Can you still get a ticket if you don’t see a handicap parking sign?

| May 10, 2013 | 0 Comments
broken disabled parking sign

This sign is damaged, but it’s probably enforceable. Photo by Amboo Who, on Flickr.

We frequently get great questions from readers about their parking woes, particularly when it comes to disabled parking regulations. Often, a thornier question will send us into wormholes of research into the various federal, state and municipal rules that govern the road – and if you think finding a parking space is hard, finding the rules about that parking space can be even more of a challenge!

Recently, Lonnie posted this plea for help in our perennially popular post about ADA regulations and handicap parking signs:

“I got a ticket for parking in handicap parking on street (the rear of my vehicle was 4ft into the handicap space) in City of San Diego. The space was 20 ft, but the sign was 11 ft back from the start/front of space. This was not a deliberate violation as I backed into this open space but could see the sign way behind me & there was car parked in the space. I have driven the streets around this area and all the other signs are at or before the start of the parking space. This ticket is $452.5o. I’ve never had a parking ticket before! How do I get this resolved?? I can’t find anything as to where signs are to be placed??”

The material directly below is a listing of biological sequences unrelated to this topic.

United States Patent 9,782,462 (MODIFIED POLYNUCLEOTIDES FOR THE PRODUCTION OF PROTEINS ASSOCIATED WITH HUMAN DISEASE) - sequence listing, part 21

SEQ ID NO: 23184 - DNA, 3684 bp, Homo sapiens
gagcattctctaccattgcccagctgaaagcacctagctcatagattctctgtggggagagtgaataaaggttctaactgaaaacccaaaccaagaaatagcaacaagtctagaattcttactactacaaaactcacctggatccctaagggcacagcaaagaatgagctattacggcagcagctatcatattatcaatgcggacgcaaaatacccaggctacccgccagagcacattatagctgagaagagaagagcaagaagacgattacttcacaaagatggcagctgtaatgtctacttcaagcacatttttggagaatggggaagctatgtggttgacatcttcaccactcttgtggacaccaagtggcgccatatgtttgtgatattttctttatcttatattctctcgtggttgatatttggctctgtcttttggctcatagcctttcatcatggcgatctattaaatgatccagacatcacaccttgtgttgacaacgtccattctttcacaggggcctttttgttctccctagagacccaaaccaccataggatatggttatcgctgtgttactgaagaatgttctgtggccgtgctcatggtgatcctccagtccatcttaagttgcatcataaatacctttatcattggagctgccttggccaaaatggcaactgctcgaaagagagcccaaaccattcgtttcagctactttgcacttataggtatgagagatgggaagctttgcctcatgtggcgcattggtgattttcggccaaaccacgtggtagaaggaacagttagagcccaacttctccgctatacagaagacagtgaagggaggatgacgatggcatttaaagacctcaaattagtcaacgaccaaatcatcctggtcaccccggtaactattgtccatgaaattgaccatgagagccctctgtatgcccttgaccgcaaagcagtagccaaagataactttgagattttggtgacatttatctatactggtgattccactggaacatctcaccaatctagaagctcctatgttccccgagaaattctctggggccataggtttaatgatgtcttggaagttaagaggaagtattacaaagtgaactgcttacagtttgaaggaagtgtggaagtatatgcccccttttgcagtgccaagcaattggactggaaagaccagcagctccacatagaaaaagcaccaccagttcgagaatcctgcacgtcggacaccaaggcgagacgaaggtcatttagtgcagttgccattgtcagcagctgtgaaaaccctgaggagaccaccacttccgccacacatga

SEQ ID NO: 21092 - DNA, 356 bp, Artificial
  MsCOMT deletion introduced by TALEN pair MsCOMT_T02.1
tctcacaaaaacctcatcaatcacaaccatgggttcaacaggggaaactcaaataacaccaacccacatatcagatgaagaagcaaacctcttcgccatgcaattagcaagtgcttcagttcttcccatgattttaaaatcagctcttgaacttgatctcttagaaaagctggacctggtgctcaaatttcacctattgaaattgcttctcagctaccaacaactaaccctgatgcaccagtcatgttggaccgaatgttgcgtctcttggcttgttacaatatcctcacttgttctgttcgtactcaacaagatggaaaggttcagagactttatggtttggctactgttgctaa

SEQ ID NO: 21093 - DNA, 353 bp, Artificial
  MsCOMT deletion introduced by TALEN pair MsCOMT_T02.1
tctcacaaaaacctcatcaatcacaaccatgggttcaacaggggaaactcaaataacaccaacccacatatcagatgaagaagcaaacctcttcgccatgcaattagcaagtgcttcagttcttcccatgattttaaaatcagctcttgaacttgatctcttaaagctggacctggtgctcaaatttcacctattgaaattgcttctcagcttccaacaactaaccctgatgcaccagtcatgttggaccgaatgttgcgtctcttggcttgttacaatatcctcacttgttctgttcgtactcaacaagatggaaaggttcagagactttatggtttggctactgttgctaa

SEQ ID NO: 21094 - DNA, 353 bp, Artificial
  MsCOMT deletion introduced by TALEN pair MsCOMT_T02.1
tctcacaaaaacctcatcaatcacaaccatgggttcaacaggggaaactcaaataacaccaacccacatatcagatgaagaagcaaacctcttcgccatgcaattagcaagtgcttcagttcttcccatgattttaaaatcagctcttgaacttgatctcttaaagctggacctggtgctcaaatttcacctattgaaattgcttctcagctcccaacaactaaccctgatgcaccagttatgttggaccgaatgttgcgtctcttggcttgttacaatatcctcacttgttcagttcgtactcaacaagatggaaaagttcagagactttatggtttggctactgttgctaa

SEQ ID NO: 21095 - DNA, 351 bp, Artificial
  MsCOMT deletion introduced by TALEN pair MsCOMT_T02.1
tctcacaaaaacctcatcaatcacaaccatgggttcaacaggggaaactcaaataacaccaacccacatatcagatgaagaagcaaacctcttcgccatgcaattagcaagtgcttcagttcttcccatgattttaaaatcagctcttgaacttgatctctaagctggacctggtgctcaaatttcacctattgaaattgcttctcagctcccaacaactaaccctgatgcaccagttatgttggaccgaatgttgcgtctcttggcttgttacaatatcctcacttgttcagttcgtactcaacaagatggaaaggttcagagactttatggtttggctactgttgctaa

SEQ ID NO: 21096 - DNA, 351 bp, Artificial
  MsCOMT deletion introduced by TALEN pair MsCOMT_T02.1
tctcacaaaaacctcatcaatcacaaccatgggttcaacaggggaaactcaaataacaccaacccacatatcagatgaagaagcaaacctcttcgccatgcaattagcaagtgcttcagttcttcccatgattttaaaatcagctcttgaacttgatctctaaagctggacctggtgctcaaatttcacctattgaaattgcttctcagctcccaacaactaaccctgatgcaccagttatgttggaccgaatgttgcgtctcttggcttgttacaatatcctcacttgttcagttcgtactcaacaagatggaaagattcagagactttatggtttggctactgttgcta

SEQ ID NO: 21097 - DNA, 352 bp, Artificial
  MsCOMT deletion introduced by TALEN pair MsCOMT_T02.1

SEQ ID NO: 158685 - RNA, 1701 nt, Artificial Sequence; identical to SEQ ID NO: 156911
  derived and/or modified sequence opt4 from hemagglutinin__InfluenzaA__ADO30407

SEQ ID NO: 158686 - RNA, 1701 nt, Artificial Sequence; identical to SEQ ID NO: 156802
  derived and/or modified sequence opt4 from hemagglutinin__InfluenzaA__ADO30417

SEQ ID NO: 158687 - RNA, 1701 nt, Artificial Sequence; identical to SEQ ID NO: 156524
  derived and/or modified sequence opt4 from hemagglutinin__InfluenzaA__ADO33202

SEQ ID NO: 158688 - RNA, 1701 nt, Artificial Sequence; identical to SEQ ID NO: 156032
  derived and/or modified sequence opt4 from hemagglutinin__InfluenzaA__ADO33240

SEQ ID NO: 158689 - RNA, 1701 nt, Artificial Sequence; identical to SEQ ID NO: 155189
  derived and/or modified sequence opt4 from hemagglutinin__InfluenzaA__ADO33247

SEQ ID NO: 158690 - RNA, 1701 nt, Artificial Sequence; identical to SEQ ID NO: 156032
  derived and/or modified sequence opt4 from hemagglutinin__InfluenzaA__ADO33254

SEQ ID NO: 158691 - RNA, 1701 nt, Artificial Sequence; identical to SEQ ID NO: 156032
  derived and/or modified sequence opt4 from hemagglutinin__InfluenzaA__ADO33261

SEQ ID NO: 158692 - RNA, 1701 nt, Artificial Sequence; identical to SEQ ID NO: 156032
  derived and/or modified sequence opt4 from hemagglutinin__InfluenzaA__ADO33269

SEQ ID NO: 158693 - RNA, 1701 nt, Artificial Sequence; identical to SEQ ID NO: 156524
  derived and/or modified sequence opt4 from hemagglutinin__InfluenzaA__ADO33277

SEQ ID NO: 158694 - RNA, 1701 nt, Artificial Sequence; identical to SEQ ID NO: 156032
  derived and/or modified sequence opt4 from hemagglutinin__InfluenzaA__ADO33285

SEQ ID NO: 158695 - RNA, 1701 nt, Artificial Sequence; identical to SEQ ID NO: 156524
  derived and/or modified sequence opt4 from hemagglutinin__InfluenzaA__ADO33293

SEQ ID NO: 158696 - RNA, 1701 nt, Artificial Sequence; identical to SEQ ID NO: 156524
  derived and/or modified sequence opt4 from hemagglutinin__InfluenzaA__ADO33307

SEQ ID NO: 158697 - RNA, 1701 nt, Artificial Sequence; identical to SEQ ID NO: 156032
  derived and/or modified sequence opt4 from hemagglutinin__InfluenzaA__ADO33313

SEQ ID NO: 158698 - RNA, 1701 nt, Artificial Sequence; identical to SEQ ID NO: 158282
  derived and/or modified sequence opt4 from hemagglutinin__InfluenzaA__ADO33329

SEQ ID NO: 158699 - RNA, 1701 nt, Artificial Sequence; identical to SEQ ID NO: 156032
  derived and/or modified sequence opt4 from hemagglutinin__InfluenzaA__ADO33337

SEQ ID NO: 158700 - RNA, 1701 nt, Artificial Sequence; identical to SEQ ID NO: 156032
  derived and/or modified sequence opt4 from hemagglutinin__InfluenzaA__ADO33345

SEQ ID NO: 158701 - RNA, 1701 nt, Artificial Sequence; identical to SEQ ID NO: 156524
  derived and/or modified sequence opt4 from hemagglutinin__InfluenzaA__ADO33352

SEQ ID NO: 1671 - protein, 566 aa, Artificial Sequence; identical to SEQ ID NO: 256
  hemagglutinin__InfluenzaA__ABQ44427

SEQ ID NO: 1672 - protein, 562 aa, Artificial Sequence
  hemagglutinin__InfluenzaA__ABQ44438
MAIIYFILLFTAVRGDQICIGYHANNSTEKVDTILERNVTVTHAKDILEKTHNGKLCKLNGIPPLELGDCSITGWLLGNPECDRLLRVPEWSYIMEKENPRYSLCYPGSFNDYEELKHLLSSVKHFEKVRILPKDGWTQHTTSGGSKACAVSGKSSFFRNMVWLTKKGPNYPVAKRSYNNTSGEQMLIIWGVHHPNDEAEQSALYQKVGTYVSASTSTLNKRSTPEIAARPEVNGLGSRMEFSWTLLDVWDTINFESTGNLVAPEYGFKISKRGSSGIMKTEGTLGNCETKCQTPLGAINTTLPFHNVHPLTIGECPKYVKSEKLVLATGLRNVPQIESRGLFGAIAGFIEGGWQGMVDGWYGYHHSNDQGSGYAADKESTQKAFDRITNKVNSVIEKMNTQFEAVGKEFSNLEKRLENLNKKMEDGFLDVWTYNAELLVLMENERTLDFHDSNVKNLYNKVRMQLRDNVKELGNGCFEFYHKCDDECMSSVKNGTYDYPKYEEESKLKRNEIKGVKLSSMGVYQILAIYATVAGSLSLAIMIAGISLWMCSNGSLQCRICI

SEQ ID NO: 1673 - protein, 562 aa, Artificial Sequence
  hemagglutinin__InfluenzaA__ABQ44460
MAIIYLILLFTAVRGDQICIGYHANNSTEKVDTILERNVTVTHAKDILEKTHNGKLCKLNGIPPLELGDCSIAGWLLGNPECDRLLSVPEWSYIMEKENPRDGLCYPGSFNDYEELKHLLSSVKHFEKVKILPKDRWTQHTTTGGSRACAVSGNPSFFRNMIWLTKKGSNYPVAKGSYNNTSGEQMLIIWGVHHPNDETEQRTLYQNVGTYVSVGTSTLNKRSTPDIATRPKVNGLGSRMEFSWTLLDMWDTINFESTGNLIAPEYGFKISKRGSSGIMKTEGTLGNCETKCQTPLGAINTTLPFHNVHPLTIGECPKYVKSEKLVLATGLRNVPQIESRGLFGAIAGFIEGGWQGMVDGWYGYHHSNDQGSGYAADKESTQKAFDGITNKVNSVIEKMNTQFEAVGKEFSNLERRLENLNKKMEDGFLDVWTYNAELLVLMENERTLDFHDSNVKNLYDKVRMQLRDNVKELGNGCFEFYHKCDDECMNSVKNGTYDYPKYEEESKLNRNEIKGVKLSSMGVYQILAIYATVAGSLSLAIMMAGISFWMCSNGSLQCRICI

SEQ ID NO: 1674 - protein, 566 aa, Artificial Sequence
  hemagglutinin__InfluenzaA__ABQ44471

This caught our interest, since California has an excellent track record for e-government (the electronic access to government documents), and we knew it might be possible to find an answer either in the San Diego municipal code, or the California Vehicle Code, or both. And Lonnie’s problem is a common one, where signage is missing or damaged but the city enforces the rules all the same.

Let’s start with the good news. We found the section of the California Vehicle Code that deals with on-street disabled parking. In Division 11 (“Rules of the Road”), Chapter 9 deals with Stopping, Standing, and  Parking, and Section 22511.7 deals specifically with “Parking for the Disabled.” From here, we may have found some good news for Lonnie about how on-street disabled parking spaces must be marked: